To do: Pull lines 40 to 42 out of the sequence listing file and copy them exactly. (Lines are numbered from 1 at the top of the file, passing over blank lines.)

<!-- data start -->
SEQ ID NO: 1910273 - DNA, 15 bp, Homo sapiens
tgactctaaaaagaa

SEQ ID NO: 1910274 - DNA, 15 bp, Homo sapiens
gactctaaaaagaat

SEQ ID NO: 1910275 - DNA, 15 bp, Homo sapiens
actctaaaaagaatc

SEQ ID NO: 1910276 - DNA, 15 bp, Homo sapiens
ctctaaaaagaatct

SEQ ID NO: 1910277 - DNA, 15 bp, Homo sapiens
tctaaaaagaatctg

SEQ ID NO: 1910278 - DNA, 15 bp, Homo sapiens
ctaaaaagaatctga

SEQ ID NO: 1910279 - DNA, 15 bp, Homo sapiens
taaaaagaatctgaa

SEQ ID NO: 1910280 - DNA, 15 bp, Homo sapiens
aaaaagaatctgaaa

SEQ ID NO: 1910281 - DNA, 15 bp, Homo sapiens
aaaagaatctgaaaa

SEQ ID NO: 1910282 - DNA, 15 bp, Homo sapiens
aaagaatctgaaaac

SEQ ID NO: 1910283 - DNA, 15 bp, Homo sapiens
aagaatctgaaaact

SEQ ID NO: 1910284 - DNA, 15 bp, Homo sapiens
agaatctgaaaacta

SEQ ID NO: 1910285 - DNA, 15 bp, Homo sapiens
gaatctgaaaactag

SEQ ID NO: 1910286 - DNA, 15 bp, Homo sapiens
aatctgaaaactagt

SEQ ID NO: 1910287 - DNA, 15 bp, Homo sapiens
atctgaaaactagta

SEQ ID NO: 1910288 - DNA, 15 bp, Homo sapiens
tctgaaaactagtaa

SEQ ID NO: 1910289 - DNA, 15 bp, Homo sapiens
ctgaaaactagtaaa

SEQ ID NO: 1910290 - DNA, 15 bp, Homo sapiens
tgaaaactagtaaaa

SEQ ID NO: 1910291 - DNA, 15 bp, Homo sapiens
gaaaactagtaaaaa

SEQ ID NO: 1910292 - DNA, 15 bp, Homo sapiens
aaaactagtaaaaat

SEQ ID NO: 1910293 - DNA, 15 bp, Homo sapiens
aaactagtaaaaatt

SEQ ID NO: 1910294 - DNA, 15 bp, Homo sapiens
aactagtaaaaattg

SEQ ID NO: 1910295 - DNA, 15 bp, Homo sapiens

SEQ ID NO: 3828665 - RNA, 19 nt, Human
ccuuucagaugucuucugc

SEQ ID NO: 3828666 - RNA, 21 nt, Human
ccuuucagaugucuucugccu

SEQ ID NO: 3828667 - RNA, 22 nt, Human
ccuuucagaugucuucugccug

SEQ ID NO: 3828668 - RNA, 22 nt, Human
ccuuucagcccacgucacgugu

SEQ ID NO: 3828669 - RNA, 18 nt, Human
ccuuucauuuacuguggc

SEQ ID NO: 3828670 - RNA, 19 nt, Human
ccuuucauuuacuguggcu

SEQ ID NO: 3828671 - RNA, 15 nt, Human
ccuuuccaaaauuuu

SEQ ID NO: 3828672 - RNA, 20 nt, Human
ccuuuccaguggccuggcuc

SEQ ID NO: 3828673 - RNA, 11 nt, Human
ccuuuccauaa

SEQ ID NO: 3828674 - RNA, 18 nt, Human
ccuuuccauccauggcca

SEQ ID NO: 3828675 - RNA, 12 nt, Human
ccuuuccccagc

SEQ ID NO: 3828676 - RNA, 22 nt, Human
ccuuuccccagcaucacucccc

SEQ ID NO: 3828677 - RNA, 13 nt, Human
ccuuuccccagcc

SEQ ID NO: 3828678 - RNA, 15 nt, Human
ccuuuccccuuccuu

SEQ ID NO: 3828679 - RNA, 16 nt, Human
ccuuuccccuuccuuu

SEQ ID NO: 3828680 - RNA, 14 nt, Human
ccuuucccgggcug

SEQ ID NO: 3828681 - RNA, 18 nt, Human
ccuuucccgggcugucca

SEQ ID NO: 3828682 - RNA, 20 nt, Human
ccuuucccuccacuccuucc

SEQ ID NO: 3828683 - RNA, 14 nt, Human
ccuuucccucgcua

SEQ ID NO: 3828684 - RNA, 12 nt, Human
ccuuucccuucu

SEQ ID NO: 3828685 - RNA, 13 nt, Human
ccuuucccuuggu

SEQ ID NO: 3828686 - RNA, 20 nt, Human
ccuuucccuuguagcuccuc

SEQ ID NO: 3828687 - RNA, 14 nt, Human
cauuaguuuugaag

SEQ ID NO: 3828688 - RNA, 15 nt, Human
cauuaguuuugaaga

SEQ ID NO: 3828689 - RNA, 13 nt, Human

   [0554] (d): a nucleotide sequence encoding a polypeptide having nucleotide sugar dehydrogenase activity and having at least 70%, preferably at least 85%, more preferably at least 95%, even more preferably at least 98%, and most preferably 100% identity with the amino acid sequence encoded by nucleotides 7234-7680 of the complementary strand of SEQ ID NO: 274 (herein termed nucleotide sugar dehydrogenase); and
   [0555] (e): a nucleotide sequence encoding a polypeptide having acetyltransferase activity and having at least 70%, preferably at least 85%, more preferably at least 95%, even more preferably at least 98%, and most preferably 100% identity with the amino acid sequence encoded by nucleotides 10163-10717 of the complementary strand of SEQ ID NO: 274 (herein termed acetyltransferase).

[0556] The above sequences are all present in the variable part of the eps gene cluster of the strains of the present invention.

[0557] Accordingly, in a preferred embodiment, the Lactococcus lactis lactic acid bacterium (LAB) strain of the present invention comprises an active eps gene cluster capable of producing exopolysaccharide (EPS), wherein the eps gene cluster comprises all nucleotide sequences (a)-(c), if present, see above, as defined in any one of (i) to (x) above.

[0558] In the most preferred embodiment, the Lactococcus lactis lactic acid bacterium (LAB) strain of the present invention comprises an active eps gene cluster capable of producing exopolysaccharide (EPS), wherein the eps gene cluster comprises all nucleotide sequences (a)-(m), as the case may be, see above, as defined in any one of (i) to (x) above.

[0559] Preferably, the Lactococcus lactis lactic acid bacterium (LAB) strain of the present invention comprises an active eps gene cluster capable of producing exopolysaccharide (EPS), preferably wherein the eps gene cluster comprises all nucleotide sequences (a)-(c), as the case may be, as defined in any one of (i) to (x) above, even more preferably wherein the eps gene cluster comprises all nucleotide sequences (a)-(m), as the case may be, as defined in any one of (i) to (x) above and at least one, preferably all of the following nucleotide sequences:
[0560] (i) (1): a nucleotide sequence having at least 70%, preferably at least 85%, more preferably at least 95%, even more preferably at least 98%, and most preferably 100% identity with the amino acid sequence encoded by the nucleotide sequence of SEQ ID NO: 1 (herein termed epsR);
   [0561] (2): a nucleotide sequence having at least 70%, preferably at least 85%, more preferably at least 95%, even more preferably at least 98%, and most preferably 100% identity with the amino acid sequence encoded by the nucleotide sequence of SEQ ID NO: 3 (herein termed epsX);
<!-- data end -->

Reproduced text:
aaaactagtaaaaat

SEQ ID NO: 1910293 - DNA, 15 bp, Homo sapiens
aaactagtaaaaatt